by Toshikazu Abe, Yasuharu Tokuda, E. Francis Cook
Optimal acceptable time intervals from collapse to bystander cardiopulmonary resuscitation (CPR) for neurologically favorable outcome among adults with witnessed out-of-hospital cardiopulmonary arrest (CPA) have been unclear. Our aim was to assess the optimal acceptable thresholds of the time intervals of CPR for neurologically favorable outcome and survival using a recursive partitioning model. Methods and Findings
From January 1, 2005 through December 31, 2009, we conducted a prospective population-based observational study across Japan involving consecutive out-of-hospital CPA patients (N?=?69,648) who received a witnessed bystander CPR. Of 69,648 patients, 34,605 were assigned to the derivation data set and 35,043 to the validation data set. Time factors associated with better outcomes: the better outcomes were survival and neurologically favorable outcome at one month, defined as category one (good cerebral performance) or two (moderate cerebral disability) of the cerebral performance categories. Based on the recursive partitioning model from the derivation dataset (n?=?34,605) to predict the neurologically favorable outcome at one month, 5 min threshold was the acceptable time interval from collapse to CPR initiation; 11 min from collapse to ambulance arrival; 18 min from collapse to return of spontaneous circulation (ROSC); and 19 min from collapse to hospital arrival. Among the validation dataset (n?=?35,043), 209/2,292 (9.1%) in all patients with the acceptable time intervals and 1,388/2,706 (52.1%) in the subgroup with the acceptable time intervals and pre-hospital ROSC showed neurologically favorable outcome. Conclusions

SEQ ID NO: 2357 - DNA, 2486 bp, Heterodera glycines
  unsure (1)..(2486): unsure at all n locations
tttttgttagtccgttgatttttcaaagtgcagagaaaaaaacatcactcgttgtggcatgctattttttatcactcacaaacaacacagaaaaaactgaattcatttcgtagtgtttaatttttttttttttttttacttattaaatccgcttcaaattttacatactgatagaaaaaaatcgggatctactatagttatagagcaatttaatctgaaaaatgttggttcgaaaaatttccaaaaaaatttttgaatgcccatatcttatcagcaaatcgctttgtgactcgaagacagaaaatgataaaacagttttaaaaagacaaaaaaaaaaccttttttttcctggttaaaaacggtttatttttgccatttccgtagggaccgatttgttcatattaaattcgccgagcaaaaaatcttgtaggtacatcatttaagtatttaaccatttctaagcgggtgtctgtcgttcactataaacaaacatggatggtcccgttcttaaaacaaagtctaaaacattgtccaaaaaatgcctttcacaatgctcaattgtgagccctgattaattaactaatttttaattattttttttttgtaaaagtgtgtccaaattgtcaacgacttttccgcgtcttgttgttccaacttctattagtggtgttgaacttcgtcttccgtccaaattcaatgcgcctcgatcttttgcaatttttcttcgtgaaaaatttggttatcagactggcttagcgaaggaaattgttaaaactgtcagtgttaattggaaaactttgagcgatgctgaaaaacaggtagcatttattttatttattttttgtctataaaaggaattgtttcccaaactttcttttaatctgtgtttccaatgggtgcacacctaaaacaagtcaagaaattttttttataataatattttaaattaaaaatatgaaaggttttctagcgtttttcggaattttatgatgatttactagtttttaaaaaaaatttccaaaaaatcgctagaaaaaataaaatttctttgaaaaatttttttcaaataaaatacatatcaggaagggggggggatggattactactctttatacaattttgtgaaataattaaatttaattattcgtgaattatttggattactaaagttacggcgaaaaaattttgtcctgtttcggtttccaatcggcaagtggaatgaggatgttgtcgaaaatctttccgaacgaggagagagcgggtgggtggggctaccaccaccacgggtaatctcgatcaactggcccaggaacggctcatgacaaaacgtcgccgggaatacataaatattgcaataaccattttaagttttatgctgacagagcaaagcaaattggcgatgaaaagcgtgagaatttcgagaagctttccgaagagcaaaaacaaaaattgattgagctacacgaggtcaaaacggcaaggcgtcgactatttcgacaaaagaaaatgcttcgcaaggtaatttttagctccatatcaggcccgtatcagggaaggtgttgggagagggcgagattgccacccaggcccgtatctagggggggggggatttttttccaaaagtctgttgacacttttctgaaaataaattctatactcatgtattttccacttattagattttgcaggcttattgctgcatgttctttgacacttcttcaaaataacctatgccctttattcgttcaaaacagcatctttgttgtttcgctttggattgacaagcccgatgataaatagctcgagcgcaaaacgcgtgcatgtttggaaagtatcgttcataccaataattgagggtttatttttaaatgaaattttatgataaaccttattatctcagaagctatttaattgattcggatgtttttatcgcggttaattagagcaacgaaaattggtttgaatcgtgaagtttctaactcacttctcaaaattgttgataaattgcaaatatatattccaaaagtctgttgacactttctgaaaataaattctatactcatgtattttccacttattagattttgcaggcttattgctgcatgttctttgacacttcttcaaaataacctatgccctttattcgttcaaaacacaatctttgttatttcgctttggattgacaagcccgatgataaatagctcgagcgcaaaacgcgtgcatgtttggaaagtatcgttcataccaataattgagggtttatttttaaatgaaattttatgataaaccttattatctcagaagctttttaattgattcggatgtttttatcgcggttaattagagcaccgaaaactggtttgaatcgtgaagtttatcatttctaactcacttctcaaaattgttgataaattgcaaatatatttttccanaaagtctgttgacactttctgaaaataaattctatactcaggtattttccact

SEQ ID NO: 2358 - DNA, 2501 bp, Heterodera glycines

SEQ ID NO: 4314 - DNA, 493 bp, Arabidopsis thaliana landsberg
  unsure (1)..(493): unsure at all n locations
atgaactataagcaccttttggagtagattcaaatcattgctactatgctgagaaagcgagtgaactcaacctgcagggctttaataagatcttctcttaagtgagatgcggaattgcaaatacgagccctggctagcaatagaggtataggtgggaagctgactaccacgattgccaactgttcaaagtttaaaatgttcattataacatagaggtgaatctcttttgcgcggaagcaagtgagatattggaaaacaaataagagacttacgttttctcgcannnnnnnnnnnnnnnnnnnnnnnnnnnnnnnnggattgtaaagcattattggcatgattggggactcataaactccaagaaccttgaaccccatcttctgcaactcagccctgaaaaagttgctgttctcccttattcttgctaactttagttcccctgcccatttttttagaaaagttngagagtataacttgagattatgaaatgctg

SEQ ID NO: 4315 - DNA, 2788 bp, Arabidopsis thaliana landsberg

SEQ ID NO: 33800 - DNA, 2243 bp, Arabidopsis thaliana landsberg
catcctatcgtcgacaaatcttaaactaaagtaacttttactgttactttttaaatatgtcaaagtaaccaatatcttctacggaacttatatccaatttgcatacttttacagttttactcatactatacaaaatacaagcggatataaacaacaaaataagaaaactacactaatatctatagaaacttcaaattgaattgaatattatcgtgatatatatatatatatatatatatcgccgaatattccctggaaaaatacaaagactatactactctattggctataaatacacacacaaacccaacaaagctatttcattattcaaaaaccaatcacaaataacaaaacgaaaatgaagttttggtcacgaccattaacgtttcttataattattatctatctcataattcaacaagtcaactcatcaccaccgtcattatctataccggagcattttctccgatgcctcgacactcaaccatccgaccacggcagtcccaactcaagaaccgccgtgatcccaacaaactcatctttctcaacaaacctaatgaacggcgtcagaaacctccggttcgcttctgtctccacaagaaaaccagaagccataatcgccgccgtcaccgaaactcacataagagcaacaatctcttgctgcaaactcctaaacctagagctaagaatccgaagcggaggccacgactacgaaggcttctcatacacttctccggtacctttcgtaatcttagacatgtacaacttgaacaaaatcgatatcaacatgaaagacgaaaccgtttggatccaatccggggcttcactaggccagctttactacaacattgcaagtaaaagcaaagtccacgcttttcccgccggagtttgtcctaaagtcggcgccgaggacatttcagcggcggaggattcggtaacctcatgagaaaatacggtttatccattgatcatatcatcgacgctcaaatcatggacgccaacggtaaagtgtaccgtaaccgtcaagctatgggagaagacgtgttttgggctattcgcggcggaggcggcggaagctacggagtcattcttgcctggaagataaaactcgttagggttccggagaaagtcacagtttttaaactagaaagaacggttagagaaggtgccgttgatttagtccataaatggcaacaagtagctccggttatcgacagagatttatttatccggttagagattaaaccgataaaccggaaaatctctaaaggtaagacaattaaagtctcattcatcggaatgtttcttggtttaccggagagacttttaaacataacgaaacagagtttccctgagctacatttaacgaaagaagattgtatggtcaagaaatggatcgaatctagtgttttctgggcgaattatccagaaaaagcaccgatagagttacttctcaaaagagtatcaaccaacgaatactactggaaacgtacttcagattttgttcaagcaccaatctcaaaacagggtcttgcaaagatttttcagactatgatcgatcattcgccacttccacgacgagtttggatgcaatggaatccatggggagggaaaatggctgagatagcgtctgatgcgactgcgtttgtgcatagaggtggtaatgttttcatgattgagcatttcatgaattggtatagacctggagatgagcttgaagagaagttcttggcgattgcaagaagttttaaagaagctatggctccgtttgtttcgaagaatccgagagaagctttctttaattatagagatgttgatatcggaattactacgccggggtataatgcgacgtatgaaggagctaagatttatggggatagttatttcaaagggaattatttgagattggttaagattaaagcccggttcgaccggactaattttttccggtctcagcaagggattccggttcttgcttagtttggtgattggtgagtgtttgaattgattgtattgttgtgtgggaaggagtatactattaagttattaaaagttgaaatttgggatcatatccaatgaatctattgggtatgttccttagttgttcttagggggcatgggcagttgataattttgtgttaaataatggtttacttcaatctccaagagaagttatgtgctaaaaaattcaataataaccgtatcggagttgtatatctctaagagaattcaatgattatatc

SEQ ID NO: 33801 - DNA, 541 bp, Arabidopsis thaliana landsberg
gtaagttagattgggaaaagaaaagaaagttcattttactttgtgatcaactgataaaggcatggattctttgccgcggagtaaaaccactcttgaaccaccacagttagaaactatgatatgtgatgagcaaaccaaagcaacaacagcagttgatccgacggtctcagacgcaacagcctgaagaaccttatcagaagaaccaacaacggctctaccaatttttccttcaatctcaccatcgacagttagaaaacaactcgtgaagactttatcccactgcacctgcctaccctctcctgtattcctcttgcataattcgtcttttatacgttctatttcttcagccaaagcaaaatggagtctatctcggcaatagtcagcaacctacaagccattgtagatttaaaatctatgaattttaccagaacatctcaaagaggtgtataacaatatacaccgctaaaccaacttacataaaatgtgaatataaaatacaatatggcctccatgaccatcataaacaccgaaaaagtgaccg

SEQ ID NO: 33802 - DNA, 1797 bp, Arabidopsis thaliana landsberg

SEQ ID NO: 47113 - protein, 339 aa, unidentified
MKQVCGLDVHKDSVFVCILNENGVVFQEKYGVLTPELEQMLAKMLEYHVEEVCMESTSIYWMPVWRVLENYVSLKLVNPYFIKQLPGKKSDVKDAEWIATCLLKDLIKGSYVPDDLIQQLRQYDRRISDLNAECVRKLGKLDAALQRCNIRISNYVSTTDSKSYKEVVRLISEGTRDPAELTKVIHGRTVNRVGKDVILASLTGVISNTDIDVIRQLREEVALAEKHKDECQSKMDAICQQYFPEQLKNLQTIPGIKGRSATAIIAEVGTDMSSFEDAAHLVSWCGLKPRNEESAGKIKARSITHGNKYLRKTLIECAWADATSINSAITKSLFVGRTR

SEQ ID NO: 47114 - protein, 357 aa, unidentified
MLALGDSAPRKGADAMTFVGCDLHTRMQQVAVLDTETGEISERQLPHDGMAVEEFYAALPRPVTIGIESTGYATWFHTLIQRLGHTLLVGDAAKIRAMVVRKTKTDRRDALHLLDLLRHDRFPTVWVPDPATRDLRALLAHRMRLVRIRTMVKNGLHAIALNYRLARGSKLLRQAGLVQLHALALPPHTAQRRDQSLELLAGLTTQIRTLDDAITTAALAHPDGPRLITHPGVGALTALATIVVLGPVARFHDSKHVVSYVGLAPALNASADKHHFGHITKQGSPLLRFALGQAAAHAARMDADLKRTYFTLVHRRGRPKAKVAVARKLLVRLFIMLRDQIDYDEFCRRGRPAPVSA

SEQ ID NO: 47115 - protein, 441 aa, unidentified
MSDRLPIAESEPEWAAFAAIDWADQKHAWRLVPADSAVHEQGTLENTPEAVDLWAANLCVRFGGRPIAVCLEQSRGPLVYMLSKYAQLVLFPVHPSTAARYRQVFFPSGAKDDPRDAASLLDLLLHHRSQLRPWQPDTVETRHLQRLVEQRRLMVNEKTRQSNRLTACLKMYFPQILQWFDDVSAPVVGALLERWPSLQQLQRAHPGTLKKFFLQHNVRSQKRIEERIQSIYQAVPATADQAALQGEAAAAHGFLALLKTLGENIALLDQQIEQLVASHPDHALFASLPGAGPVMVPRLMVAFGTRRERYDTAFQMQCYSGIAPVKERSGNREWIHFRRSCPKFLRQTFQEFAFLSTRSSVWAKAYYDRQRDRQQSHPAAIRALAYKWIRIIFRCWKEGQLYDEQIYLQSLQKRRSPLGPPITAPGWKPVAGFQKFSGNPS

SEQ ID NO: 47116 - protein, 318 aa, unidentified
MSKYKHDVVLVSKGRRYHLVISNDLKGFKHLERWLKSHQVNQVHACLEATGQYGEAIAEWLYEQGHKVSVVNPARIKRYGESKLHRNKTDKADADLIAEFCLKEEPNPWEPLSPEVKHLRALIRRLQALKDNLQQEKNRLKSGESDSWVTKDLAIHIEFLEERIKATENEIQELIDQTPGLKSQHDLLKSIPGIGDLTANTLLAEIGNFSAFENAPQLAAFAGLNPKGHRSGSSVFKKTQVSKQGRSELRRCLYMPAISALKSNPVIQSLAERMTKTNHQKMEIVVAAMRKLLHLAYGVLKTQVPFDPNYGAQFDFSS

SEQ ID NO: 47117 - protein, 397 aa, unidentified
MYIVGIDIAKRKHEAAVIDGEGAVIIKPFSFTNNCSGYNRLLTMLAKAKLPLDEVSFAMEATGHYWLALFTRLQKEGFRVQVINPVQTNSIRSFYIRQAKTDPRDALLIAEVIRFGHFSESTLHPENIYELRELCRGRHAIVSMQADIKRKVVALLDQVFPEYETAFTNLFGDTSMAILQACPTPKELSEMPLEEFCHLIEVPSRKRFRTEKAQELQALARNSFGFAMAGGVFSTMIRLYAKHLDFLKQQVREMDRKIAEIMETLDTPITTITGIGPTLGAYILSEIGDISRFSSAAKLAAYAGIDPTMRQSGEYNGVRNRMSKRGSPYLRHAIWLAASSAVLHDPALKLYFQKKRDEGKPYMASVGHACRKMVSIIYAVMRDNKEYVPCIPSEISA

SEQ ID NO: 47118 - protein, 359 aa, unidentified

Initiation of CPR should be within 5 min for obtaining neurologically favorable outcome among adults with witnessed out-of-hospital CPA. Patients with the acceptable time intervals of bystander CPR and pre-hospital ROSC within 18 min could have 50% chance of neurologically favorable outcome.